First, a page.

In comparison, many of those who are far more extreme hold positions of power and influence in the organization. They and not Prime Minister Salam Fayyad (who is technically an independent) or PA President Abbas are the ones who really control Fatah, the main Palestinian institutions, and the West Bank.
The best-known of those rejecting a two-state solution and the leading figure in the radical group is the Tunis-based Fatah chiarman, 78-year-old Farouq Qaddumi. He continues to oppose the Oslo agreement and is very popular in the movement, though clearly of the generation now moving off the stage. He is also extremely close to Syria. Periodically, he snipes at Abbas and while he isn't going to displace Abbas, his views - which have not changed over the last 40 years - still set much of the organization's and movement's tone.
Another influential radical is Salim al-Zaanoun, head of the Palestine National Council, the PLO's quasi-parliament. Zaanoun has always denied that the PLO changed its Charter to recognize Israel, as it pretended to do in 1996. He ought to know and in fact he is quite correct. This was a violation of the Palestinians' obligations under the Oslo agreement, one of many which have gone unnoticed by the West.
The most actively important radicals in Fatah's hierarchy are Sakhr Habash (Abu Nizar), long-time head of Fatah's Revolutionary Committee (the body immediately below the Central Committee) and Fatah's key ideologue, and Sharif Ali Mashal (Abu Zaki), long-time PLO director of Arab world relations and now Fatah's representative in Lebanon. Both men are close to being traditional, radical Arab nationalists. To hear what these two say is to be back in the world of PLO politics from the 1960s and leaves no illusion about the possibility of peace between the Palestinians and Israel.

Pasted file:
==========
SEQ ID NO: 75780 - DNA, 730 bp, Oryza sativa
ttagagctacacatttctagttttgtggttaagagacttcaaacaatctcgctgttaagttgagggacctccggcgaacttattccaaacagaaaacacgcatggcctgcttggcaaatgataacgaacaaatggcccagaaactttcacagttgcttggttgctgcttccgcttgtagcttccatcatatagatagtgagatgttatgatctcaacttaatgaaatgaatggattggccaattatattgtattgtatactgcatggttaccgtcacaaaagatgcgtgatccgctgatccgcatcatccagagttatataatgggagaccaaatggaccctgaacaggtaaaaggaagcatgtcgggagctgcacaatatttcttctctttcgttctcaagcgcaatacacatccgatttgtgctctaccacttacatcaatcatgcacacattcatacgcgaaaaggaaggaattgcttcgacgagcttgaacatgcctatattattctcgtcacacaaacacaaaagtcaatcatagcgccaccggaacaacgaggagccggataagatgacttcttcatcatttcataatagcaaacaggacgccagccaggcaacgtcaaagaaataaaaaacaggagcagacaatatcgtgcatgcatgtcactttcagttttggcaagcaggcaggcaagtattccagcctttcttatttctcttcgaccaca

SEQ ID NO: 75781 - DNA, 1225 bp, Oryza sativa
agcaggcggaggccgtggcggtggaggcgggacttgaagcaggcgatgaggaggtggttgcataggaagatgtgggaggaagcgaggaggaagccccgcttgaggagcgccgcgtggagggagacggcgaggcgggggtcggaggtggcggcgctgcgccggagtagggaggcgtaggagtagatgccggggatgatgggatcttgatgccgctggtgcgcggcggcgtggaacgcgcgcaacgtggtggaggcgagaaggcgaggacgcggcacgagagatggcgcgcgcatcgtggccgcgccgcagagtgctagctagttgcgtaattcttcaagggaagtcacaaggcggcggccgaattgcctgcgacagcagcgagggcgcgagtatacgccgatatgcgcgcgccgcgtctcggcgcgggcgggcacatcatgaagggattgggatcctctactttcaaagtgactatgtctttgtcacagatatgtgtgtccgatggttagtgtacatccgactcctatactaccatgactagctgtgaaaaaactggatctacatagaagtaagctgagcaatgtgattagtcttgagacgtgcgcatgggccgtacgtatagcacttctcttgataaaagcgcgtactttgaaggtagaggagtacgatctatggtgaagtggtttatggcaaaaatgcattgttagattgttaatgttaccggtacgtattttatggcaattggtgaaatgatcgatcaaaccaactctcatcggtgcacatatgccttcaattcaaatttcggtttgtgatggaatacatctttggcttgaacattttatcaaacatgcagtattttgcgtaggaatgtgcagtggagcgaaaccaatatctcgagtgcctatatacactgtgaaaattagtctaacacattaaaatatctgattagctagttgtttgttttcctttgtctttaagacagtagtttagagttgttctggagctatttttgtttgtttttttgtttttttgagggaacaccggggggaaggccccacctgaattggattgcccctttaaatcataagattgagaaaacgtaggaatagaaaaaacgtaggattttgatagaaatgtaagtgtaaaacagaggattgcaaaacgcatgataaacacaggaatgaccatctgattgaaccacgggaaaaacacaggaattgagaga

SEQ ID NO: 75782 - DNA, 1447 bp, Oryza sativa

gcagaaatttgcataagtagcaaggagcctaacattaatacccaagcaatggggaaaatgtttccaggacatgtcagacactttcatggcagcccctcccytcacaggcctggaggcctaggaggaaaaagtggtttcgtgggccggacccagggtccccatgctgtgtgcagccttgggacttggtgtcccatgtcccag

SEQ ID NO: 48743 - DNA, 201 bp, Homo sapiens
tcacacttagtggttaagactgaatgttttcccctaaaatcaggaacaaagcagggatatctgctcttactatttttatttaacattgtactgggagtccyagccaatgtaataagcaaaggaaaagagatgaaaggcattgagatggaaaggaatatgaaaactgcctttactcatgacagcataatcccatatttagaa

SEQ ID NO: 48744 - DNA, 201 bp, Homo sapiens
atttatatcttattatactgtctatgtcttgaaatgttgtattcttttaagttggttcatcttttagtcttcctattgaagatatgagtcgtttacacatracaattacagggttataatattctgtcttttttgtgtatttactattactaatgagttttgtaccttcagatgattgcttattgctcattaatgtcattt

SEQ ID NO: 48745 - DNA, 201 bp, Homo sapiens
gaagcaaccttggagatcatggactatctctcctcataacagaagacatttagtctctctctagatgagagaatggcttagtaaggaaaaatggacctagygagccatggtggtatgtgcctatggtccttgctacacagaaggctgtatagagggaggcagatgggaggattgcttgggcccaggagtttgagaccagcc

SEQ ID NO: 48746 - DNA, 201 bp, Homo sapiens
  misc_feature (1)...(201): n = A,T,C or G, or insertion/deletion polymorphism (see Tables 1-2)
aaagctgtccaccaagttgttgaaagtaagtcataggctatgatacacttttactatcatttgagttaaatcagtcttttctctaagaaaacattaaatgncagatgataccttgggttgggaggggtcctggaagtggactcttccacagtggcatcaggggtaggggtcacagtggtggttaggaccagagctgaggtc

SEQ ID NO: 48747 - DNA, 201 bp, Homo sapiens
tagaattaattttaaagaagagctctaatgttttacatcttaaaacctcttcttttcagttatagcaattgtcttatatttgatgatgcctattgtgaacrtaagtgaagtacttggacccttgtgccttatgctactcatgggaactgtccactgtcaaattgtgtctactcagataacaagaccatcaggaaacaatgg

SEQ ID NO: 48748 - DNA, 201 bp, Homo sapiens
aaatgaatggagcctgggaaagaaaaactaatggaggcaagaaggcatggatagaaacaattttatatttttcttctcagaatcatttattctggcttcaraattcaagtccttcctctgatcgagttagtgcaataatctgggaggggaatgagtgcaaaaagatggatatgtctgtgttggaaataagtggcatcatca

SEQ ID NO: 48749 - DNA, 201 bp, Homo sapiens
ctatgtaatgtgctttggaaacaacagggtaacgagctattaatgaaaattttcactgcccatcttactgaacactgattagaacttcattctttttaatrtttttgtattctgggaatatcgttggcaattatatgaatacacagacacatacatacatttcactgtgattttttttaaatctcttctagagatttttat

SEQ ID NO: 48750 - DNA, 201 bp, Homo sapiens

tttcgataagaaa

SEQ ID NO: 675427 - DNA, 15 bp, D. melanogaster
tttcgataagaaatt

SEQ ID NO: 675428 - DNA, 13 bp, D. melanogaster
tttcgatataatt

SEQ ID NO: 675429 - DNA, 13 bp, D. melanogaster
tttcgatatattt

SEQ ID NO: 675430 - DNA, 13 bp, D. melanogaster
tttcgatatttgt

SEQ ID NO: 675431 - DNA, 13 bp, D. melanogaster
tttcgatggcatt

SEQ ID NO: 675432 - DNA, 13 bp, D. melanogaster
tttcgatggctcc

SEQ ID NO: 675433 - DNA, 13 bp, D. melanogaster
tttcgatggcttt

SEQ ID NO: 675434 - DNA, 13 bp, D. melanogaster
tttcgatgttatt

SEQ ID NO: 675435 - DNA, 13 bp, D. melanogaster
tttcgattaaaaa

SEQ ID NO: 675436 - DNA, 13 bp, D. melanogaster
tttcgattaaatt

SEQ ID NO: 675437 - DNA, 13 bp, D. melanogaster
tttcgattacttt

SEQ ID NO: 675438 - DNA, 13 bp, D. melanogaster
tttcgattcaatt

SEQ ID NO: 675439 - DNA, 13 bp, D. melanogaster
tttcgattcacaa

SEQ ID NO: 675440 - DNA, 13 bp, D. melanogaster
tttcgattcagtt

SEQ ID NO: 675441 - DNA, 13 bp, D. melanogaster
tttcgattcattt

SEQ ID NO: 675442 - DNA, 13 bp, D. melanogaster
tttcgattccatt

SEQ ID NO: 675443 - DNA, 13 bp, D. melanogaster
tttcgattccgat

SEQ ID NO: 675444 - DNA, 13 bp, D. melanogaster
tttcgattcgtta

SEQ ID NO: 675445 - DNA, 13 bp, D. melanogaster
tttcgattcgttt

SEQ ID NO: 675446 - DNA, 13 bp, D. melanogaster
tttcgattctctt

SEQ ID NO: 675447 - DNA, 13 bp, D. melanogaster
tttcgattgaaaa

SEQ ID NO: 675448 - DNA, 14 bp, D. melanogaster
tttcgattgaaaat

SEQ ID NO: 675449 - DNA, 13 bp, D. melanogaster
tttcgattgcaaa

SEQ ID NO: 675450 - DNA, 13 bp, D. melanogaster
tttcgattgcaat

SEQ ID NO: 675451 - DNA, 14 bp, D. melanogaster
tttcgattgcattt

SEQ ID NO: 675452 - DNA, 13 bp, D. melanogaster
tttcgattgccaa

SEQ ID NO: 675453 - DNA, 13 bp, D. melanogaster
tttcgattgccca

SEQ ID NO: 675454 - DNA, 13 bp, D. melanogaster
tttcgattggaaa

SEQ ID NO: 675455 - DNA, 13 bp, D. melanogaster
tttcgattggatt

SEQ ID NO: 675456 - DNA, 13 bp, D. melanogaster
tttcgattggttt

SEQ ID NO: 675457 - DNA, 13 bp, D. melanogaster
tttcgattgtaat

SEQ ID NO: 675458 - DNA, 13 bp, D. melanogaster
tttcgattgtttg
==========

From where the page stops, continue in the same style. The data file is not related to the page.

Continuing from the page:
WHAT ABOUT the "merely" hardline group? This includes veteran Fatah member Hani al-Hasan, 72, who criticized Abbas's leadership and urged continued attacks on settlers but not within Israel itself, and three former PLO diplomats: Hakam Balaoui (Abu Marwan), a personal favourite of Arafat, Abdallah Franji, and Subhi Abu Karsh (Abu Monzer). Another is Intisar al-Wazir (Um Jihad), 68, widow of a key PLO leader and sometime minister of social warfare, the only woman on the committee.
Finally, among the most veteran members is Nasir Yusuf, a former police commander and national security advisor. The last member added, in 1995, and the only one not living in exile for decades is Zakariyya al-Agha, a 67-year-old doctor who Arafat made token leader of Fatah in the Gaza Strip with no real power. There is not a single local West Bank member, despite the fact that this is the area ruled by Fatah.
The end of Abbas's career is in sight. There is no conceivable consensus candidate to become head of Fatah, the PA, and/or the PLO. Equally, there's no leadership willing to make any comprehensive peace agreement with Israel. The Palestinian movement's troubles may get much worse.
How can such huge factors be ignored by those many people and governments in the West acting as if a quick resolution of the conflict is both possible and such a high priority?